Pascal Le Segretain/Getty Images
Gwyneth Paltrow may seem like the star who has everything, but she was very publicly denied by the New York Times this week.
The 39-year-old actress and Goop.com founder was up in arms this weekend after an article in the newspaper's Dining section claimed she had a ghostwriter for her 2011 cookbook, "My Father's Daughter: Delicious, Easy Recipes Celebrating Family & Togetherness."
"Love @nytimes dining section but this weeks facts need checking. No ghost writer on my cookbook, I wrote every word myself," Paltrow tweeted.
But the Times refused to take the bait.
"The article does not merit correction," a rep for the paper told E! Online.
A follow-up article in the Times painted Paltrow with the same brush as a number of other chefs, like her friend Mario Batali, not to mention Jamie Oliver and Rachael Ray. These cooks also complained about the suggestion they had ghostwriters.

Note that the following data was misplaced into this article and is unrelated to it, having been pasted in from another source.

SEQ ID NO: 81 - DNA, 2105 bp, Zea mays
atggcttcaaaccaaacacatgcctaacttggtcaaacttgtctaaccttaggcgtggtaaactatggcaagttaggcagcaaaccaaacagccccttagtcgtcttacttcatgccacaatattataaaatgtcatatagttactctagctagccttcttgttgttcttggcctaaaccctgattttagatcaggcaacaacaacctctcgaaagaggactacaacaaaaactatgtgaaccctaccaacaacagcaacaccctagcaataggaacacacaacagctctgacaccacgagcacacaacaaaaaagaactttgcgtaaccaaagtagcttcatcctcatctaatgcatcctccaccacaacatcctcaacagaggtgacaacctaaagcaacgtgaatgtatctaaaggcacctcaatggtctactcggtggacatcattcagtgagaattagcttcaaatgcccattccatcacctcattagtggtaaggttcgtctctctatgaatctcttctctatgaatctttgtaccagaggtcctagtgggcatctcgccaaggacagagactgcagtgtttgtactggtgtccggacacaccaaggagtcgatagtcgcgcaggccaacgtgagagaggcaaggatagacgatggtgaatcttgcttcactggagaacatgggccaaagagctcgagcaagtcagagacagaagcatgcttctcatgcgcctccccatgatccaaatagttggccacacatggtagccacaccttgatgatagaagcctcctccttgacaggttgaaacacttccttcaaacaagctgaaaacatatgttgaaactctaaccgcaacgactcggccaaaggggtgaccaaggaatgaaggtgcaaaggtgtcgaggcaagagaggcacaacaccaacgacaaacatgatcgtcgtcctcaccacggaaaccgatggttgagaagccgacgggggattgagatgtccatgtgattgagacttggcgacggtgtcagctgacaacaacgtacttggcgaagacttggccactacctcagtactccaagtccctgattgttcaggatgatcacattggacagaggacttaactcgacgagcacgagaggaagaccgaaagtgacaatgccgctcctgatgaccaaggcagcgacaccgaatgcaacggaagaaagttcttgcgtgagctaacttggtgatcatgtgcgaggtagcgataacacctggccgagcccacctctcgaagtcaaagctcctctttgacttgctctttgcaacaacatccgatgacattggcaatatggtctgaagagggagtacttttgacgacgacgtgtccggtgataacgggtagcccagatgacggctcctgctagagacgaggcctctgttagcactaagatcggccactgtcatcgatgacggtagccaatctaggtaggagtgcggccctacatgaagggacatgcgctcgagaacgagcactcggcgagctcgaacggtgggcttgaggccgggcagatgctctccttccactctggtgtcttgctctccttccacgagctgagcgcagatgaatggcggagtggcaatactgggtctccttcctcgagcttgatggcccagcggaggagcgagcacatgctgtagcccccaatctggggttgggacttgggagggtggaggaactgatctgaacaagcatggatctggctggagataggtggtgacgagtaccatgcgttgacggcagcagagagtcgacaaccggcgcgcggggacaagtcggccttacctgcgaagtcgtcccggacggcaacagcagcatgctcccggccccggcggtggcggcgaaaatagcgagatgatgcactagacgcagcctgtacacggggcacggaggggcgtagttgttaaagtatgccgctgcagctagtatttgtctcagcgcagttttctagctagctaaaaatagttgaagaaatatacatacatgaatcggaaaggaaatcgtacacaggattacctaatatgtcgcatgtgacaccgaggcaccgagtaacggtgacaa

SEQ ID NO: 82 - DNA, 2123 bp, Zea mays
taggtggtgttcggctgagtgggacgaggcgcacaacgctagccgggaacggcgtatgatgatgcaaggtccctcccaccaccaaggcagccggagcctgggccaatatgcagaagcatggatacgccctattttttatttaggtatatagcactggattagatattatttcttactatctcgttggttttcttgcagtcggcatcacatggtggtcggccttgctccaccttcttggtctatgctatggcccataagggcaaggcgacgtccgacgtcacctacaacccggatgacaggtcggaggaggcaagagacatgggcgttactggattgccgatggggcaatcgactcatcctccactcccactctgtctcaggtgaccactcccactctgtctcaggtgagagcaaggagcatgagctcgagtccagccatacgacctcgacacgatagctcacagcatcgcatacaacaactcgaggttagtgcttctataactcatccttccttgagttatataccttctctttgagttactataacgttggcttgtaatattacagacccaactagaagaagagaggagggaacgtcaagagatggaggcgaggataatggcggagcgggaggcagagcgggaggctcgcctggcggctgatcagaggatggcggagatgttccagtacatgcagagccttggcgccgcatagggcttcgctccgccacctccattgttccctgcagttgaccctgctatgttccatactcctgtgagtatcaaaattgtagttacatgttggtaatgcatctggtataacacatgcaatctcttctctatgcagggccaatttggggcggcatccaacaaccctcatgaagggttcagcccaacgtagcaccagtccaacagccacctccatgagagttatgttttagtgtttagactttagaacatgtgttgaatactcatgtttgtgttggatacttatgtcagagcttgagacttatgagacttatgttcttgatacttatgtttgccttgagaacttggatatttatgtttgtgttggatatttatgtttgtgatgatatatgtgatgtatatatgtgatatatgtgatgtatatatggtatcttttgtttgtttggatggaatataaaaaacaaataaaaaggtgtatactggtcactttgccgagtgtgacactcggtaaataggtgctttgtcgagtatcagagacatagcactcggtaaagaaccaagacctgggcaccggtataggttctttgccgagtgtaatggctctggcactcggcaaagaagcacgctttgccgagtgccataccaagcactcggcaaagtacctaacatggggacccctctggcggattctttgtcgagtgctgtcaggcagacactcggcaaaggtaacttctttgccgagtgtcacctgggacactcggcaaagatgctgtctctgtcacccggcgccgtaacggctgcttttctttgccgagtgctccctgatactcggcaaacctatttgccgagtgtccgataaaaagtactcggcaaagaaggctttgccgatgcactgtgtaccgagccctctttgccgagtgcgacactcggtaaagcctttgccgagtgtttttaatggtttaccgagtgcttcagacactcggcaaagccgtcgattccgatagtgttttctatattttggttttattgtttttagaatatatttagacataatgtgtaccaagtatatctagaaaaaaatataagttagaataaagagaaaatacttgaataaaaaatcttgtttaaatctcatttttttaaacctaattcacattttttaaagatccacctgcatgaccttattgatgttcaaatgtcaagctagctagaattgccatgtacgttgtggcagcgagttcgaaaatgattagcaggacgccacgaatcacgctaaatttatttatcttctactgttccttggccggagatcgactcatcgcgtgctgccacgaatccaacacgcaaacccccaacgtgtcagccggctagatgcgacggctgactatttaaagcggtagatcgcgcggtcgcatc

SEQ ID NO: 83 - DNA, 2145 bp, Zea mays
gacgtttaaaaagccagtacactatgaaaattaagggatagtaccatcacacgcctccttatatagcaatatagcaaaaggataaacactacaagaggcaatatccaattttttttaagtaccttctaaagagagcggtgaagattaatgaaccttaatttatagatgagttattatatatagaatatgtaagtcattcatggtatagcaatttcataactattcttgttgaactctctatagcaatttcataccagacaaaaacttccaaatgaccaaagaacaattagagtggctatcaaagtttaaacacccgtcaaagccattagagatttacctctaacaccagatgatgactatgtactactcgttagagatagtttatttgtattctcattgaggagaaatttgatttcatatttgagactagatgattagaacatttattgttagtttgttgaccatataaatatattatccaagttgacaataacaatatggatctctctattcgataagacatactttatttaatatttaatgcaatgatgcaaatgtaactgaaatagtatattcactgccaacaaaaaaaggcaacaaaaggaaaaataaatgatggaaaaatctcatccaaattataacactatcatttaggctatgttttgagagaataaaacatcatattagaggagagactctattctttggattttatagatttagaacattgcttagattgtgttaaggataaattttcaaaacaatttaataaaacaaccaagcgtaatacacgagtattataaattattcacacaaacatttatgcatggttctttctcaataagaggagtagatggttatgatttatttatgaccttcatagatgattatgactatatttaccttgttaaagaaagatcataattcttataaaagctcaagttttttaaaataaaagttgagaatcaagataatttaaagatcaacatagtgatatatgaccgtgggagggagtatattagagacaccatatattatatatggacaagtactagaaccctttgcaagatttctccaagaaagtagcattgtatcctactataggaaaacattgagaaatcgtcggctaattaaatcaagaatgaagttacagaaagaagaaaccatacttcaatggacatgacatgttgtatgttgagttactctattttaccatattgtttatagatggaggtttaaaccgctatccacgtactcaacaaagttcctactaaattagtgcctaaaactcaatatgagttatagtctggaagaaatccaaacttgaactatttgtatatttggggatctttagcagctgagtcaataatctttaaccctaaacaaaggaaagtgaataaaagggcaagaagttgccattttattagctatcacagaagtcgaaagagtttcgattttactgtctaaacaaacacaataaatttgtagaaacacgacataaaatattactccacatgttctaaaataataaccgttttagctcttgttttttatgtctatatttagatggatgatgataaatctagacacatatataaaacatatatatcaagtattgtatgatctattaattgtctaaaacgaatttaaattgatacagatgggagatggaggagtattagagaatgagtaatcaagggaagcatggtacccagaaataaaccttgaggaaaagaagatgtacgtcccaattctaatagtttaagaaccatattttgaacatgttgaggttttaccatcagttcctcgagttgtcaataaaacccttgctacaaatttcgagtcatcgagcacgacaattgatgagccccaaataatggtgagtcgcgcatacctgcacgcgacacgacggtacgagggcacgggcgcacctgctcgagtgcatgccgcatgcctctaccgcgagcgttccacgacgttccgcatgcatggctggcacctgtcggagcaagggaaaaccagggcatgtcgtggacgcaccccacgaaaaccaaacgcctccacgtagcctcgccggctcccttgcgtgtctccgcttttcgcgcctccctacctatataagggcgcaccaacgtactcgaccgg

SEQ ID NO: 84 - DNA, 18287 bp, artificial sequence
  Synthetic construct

"The food itself, and the story that surrounds it, usually comes from the chef in varying stages of page-readiness," the article clarified, adding that the work of a ghostwriter could "include transcribing scribbled notes into logical sentences. Measuring out ingredients and putting them in order. Producing the routine bits of the book like the glossary and the guide to ingredients."
According to the Times, Paltrow has admitted she worked with collaborators, but objected to "the implication" that she was not the author of her own work.
Sounds like the "Contagion" star could use some spice in her life.